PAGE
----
A recent spat between Kari Douglas, PNP Councillor, and Dr Judith Francis Bogle at the Bustamante Hospital for Children has been a hot topic in Jamaica this week. Douglas was said to be unimpressed with the initial reaction from staff on the state of her ill eight-month-old son. Douglas stood her ground which led to a two-hour shutdown of the hospital.
Douglas has since apologised for her actions.
PNP Chairman Fitz Jackson has come out quickly to condemn Douglas’ behaviour and the party will conduct their own internal investigation. Douglas is not well liked by the leadership. Her support of challenger Peter Bunting during the party’s recent leadership race has caused a backlash from the (leader) Peter Phillips wing of the party.
Take a chill pill Fitz! It’s not good PR to go after the mother of a sick baby to score cheap political points. Especially when we know of many Jamaicans who have experienced dismal customers services at public heath facilities on a regular basis.
Did Fritz publicly condemn his colleague Natalie Neita when she was initially charged with assault in 2018?
This week, members of the medical and nursing community highlighted the fear, stress and trepidation they face from the public on a daily basis. Carmen Johnson, the nurses union leader, disclosed that last month there were other threatening incidents against her members by the public at the Bustamante hospital.
Did senior management, the Bustamante board, South East Regional Health Authority (SERHA) and the Minister of Health & Wellness know of these earlier incidents? If yes, were there a ny preventive steps taken by the board at Bustamante to ease such pressures on staff?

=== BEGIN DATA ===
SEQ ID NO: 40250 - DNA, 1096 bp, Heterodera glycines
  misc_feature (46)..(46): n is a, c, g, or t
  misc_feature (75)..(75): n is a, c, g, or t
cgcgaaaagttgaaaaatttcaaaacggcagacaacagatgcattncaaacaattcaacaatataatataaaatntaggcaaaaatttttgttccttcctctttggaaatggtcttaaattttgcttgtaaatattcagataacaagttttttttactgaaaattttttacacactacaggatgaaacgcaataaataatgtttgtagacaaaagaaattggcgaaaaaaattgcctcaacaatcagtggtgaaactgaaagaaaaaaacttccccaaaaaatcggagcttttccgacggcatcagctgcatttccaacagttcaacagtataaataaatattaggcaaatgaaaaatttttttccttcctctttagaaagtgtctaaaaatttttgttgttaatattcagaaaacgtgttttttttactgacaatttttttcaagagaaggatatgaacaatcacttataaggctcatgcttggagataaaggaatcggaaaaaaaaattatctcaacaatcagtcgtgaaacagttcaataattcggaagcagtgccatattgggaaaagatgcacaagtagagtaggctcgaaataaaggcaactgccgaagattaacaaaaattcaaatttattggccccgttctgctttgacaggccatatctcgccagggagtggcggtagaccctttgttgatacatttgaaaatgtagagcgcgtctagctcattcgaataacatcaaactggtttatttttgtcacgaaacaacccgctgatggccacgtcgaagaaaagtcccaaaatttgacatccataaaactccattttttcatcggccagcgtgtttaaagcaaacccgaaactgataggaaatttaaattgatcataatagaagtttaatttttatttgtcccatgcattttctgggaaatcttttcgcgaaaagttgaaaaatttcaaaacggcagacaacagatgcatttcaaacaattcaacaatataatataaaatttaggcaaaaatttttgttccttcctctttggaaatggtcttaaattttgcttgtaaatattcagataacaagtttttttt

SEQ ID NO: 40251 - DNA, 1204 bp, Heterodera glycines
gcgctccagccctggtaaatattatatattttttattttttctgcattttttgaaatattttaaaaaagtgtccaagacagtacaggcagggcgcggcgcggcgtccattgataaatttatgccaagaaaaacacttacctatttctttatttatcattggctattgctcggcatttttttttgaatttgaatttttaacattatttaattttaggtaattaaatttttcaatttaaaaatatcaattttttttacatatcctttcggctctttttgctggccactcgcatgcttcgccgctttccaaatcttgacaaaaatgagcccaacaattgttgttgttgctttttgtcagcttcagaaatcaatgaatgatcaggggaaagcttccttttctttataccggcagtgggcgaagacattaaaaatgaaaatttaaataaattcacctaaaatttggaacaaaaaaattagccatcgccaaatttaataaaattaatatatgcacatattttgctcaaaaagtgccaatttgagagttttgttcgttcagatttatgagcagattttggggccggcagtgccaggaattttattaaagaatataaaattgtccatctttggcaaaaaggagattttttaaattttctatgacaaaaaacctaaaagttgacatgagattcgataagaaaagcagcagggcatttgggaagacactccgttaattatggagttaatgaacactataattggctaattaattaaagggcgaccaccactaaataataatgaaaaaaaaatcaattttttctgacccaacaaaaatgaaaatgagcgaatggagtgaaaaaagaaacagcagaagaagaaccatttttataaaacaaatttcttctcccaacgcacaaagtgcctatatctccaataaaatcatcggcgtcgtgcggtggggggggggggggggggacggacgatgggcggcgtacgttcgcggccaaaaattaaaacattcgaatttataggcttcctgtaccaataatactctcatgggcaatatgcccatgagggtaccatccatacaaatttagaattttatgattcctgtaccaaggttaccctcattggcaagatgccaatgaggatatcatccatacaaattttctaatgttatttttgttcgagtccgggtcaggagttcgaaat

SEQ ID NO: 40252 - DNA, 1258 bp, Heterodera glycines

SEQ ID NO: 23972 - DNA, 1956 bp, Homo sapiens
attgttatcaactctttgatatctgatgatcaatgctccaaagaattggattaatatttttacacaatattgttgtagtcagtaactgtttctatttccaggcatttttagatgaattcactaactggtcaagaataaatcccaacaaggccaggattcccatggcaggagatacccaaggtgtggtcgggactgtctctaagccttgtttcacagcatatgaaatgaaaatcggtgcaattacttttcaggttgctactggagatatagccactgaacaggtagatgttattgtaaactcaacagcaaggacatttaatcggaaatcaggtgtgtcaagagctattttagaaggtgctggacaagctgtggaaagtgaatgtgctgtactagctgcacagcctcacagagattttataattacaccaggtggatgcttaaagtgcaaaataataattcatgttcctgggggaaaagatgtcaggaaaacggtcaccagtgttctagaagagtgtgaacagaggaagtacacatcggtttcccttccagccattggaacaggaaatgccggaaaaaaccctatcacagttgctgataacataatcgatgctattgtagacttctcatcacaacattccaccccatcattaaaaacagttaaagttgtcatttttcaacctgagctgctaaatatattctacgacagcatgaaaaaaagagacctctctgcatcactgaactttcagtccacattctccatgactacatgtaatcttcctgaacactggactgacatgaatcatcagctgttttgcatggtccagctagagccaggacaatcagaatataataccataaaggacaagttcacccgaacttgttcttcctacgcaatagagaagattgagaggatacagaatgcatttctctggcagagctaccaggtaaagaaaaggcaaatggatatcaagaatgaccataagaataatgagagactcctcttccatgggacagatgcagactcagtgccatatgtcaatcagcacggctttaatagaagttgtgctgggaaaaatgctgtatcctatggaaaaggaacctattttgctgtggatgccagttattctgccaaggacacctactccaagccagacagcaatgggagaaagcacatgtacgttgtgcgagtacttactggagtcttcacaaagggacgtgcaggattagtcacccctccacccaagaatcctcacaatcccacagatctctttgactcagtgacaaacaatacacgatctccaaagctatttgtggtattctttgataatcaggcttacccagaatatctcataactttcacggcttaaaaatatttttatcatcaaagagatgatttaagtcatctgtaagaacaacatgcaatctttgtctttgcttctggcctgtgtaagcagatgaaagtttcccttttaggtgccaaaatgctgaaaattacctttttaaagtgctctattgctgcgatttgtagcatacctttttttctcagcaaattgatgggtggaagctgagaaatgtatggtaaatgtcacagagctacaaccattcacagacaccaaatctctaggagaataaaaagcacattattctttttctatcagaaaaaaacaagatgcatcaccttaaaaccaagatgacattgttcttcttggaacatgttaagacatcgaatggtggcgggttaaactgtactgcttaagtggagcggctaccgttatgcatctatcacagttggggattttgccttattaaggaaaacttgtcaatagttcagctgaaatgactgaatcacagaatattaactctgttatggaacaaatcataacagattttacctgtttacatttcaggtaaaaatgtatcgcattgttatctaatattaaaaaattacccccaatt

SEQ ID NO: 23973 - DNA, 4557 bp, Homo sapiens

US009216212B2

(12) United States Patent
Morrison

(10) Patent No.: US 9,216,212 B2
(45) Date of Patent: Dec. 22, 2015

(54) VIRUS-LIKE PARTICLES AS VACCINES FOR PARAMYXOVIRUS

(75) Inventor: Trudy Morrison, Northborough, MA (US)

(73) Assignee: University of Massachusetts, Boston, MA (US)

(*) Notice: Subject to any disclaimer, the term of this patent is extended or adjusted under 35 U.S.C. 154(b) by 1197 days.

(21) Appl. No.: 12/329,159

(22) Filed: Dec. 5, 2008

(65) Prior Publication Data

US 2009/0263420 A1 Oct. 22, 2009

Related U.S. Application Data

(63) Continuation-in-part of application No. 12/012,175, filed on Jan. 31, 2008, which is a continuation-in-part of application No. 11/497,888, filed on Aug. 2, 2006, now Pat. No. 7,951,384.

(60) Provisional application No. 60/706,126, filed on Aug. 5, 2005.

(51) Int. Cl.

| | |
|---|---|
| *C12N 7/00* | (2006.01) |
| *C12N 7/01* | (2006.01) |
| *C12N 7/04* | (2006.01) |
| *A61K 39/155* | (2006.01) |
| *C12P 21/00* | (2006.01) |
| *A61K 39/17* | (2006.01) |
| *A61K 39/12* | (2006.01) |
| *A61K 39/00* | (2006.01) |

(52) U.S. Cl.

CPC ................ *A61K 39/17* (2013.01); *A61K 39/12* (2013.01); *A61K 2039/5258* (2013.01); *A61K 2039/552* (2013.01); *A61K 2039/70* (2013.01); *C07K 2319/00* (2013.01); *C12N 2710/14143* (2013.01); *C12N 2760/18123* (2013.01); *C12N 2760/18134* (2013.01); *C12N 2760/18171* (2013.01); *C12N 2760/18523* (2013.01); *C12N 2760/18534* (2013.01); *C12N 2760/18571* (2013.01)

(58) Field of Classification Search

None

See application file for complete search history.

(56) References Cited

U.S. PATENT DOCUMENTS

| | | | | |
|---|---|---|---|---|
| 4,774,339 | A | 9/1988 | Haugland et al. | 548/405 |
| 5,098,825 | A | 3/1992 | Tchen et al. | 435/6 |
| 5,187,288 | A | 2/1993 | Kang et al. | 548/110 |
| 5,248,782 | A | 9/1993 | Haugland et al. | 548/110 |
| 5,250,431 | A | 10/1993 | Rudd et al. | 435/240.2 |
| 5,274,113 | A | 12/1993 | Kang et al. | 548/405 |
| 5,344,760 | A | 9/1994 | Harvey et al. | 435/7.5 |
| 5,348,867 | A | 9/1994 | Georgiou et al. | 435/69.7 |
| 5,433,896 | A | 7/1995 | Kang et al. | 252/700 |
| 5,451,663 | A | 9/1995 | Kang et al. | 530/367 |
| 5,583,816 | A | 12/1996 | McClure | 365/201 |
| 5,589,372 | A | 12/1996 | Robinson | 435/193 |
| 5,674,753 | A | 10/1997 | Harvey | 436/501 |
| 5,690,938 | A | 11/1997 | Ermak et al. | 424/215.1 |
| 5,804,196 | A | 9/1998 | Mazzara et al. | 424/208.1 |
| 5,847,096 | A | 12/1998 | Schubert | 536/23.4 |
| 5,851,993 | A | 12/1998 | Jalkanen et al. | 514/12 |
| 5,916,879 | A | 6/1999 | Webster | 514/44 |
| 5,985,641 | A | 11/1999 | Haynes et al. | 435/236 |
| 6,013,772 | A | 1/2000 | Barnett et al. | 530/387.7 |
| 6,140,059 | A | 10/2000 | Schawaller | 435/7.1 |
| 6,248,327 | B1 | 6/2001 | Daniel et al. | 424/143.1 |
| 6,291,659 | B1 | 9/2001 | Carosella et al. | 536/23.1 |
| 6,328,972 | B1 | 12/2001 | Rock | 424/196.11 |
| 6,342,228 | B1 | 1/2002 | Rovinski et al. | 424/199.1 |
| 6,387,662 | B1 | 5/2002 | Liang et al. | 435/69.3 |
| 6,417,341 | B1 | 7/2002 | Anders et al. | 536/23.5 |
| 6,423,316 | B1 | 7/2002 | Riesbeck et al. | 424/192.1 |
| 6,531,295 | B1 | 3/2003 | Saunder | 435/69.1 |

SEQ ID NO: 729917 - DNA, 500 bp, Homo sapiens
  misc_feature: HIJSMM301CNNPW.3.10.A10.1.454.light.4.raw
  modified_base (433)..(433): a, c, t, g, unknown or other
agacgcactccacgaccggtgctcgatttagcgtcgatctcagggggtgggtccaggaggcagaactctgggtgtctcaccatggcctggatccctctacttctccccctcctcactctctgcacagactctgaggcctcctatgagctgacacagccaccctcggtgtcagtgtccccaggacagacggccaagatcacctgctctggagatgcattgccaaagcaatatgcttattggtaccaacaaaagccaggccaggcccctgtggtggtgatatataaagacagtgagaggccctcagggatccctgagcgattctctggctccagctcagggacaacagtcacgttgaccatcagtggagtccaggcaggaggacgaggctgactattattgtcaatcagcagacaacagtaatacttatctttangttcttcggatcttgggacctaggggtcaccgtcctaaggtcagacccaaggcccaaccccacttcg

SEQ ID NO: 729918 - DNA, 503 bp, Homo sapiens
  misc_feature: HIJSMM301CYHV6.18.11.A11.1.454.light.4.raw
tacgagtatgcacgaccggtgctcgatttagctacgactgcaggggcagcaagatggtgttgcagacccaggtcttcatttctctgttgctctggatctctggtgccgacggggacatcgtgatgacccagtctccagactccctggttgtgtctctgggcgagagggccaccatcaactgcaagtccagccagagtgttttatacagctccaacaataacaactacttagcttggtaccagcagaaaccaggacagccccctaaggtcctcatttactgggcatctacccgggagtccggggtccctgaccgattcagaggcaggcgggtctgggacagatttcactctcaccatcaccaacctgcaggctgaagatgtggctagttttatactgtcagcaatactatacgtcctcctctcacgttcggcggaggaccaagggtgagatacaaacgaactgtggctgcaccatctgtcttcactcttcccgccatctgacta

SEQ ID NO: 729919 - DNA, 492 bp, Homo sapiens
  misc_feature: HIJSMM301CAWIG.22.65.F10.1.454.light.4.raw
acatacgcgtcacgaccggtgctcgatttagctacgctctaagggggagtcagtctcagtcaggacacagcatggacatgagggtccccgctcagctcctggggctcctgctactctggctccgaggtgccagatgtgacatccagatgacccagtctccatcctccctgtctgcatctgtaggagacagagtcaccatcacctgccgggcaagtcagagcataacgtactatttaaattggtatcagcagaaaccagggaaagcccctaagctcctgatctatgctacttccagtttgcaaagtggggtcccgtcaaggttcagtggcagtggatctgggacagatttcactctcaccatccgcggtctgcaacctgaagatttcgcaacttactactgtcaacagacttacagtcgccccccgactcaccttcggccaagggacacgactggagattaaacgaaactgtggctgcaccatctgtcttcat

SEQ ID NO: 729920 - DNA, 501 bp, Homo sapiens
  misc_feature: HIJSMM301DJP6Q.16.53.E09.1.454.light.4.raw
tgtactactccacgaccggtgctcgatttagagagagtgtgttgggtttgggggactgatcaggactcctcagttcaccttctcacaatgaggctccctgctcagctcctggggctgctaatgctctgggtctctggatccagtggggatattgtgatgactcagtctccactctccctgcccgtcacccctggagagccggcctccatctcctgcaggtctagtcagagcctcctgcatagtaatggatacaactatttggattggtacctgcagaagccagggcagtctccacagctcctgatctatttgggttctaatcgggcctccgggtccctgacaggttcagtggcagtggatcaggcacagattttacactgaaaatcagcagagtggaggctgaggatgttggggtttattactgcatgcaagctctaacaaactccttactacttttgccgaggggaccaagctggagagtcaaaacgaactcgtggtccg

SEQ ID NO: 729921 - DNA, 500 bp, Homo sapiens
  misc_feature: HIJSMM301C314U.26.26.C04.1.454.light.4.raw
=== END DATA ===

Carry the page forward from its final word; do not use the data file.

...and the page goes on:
Dr Bogle told the media “This is a longstanding issue. The entire A&E and ward staff feels unsafe to report to work. I do want a transfer because I don’t feel safe. I have been in the department for five years, and every patient who visits the hospital feels as if they can do and say anything without repercussion,”
If senior management had long been aware of the security concerns how could the actions of one unarmed member of the public lead to the shutdown of one of Jamaica’s leading public hospitals?
Makes you wonder if the public health sector is getting value for money in the services provided by private security firms. Especially, in light of latest security related contracts signed off by the government in the past week.
Published in Tuesday’s local newspapers were the following approved 3-year contracts totaling $JM1.7 billion for firms to provide security and related services in health facilities across the parishes of St. Catherine, St. Thomas, Kingston and St. Andrew.
- $436.6 million to Modern Investigations and Security Company Limited (covering Bustamante Hospital for Children, National Chest Hospital, Hope Institute and the Sir John Golding Rehabilitation Centre.)
- $348.2 million to Shalk Electronic Security (Kingston and St Andrew health departments and all health centres.)
- $355 million to King Alarm (Kingston Public and Victoria Jubilee hospitals.)
- $382.8 million to Marksman Limited (Spanish Town Hospital, St Catherine Health Department offices, Linstead Hospital and selected health centres)
- $193.5 million to Atlas Protection (Princess Margaret Hospital, St Thomas Health Department offices and selected health centres)
You would hope that Kenny Benjamin, Chairman of the Bustamante Hospital for Children, would be on top of any security concerns raised by his senior staff. Benjamin is founder and Executive Chairman of Guardsman Group of Companies, one of Jamaica’s largest private security firms.